The P-SOL provides a refuge for the socialist and democratic Left, a point of convergence between different political sensibilities and a social militancy which for twenty years has advocated for the Left, alternatives that are different from those put forward by the hegemonic sector of the Workers’ Party (PT), the sector that has killed the party to which we devoted the best years of our lives.
What constituted its reason for existence has been buried. The PT still exists today from a judicial and bureaucratic point of view, but that’s all. I know that all that did not entirely begin with the Lula government; the process of degeneration and bureaucratization had already begun before. Furthermore, it had already been denounced by the above-mentioned left currents in the party, but perhaps we didn’t do what needed to be done with the necessary vehemence, with enough force so that the process didn’t continue to deepen.
The Workers’ Party, to the great distress of all the militants who helped to build the biggest left party in Latin America, is today a mediocre tool of triumphalist propaganda for neo-liberalism. By its actions as a governing party it has legitimised the whole neo-liberal discourse. All of that has represented for us a kind of apprenticeship which has shown us how to avoid running the same risks as those of which we have just been victims, by encouraging the process of internal democracy, articulation with the social movements and the permanent stimulation of the political life of the party.
This experience has strongly troubled people in their very lives, since some go so far as to say: “I have the greatest admiration for you, but who can guarantee for me that if one day you set foot on the so-called sacred soil of government, you won’t change camp, you won’t commit one more betrayal?” That is in fact what a lot of people think, what a lot of them talk about which many people are asking questions.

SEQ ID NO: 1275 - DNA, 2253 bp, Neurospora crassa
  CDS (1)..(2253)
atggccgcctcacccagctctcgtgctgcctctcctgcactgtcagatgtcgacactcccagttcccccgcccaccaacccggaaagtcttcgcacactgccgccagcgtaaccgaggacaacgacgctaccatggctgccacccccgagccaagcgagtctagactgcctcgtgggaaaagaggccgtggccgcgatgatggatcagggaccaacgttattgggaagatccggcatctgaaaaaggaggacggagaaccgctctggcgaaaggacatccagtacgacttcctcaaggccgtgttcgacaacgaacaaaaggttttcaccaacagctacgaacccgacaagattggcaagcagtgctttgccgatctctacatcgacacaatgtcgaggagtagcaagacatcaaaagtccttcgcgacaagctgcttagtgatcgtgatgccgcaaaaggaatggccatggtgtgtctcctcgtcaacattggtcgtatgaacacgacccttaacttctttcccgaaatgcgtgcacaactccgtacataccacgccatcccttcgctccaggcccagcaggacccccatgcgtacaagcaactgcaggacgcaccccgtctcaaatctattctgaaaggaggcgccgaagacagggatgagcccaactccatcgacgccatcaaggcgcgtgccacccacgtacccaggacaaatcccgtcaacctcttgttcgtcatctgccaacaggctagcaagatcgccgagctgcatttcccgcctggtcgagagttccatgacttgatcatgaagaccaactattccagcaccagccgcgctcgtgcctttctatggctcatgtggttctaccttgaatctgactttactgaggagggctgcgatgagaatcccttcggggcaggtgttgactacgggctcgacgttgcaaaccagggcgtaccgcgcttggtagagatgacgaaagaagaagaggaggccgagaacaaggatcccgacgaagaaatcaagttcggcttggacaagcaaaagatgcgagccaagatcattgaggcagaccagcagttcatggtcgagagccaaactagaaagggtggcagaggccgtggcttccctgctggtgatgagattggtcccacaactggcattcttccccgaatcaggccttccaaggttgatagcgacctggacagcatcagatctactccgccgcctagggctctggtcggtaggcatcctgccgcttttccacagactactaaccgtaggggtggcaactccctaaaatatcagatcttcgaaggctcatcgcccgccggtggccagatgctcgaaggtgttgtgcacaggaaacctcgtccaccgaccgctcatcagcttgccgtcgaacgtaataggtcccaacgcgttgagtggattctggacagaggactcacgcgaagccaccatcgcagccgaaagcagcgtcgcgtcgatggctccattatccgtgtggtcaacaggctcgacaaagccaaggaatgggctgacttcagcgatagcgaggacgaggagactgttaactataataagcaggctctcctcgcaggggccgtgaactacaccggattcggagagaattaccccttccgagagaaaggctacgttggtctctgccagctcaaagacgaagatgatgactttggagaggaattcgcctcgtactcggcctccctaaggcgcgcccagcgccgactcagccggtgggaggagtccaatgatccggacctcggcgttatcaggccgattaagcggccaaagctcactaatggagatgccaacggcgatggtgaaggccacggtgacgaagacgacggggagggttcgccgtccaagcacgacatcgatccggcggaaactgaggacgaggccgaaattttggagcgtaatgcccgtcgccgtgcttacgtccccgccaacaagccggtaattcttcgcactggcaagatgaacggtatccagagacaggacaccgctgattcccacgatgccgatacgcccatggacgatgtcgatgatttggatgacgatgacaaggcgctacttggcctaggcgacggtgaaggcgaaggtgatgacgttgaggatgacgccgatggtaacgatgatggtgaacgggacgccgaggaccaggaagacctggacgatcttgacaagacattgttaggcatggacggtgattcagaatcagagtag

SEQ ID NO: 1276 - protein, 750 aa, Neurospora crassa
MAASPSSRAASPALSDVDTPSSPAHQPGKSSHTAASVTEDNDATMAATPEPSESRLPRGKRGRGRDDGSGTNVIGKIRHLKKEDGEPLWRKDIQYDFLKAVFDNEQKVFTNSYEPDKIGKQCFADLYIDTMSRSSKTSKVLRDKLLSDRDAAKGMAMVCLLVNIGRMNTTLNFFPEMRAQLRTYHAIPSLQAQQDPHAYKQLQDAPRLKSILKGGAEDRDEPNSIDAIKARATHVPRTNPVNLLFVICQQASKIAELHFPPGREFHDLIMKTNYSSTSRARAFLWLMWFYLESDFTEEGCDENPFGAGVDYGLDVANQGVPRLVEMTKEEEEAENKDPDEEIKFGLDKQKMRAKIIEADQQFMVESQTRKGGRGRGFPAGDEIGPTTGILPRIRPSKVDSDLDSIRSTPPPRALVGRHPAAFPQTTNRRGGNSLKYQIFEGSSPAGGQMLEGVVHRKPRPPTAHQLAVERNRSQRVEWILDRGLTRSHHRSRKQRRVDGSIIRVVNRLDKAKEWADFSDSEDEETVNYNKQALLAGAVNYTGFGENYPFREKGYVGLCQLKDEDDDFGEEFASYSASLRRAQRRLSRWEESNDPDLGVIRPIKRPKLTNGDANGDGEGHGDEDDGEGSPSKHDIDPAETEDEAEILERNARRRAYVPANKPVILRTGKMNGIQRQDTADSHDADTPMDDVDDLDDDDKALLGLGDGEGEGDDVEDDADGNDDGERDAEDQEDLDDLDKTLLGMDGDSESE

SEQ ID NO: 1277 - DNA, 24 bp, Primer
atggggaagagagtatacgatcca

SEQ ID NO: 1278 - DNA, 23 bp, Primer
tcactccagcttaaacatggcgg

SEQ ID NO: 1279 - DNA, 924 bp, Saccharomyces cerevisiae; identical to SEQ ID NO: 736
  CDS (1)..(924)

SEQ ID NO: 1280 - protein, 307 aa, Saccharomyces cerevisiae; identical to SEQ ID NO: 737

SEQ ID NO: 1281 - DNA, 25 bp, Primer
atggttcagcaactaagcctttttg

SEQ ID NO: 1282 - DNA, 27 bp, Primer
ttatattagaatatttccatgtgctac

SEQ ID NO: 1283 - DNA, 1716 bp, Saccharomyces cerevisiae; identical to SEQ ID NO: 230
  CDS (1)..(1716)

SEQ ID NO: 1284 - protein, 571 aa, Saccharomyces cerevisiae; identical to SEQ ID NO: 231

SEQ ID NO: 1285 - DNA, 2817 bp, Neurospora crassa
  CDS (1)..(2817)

But I always reply: it’s a risk that we are going to take together. Then I joke by saying that if something like that happened again, then we parliamentarians would be expelled again. 
I am joking when I say that we will take the risk together. But we are thinking collectively, so that internal democracy and the participation of the rank and file militants will be permanent, solid, so that the militant collective will reduce the risks of degeneration and bureaucratisation of the party. I think that we can never say that we have the magic formula of 100 per cent absence of risk. But we cannot allow fear, the danger that fear represents, to lead us to the point where we face the possibility of degeneration with sad resignation.. and so we do nothing.
All the experience that we went through in the PT, which culminated in the bureaucratisation and the degeneration of the party, which happened in spite of the admirable actions of the militants on the left of the party, is an important apprenticeship so that we will not follow the same paths as those which led to the horrible situation we see now.  The P-SOL is a collective project, built by experienced socialist militants, who will neither sell out nor give up.
In what way does the P-SOL rearticulate the struggle for socialism in our country? The creation of the P-SOL was a historical necessity. Because it is also what the PT accomplished historically, without speaking of the fact that it didn’t have the right to betray, to organise a class betrayal. But it cannot now, with this betrayal, bury and cancel out all the programmatic conceptions of the socialist and democratic Left. It doesn’t own them. And nor will they be the property of the P-SOL. But our party, by historical necessity, was also born to honour the memory of millions of militants of the socialist and democratic Left in Brazil, in Latin America and in the world who have not sold out and who have not prostrated themselves before capitalism. And we are doing that with much joy, with discipline and with love for the working class.
The P-SOL can contribute in a decisive and positive way to building a socialist and people’s way out of the crisis. The problem is to know what mechanisms we can use, now and in the future, with the means that we have as a party and with the possibilities for social mobilisation. In order to formulate a way out, we will have to, starting from popular indignation, demand early elections.
We cannot in reality only propose a Constituent Assembly, because with the present electoral legislation, if the Constitution was changed now, it would be for the worse! If early elections do take place, it will have to be for the whole Congress  and also to elect the President of the Republic. Because the institutionalised promiscuity, the crony-style relations between the government and the National Congress, are very clear.
I think that if the Brazilian people demonstrates generosity towards us all, it is because it witnessed the process of expulsion that we went through, it experienced our suffering, our tears and our struggle. It saw that we were not accepting the betrayal. I once read, I don’t know where, that tears leave scars on the soul, but I always say that our scars are the wounds of people who had not become cowards, of people who went out on to the field of battle and fought for what they believed in.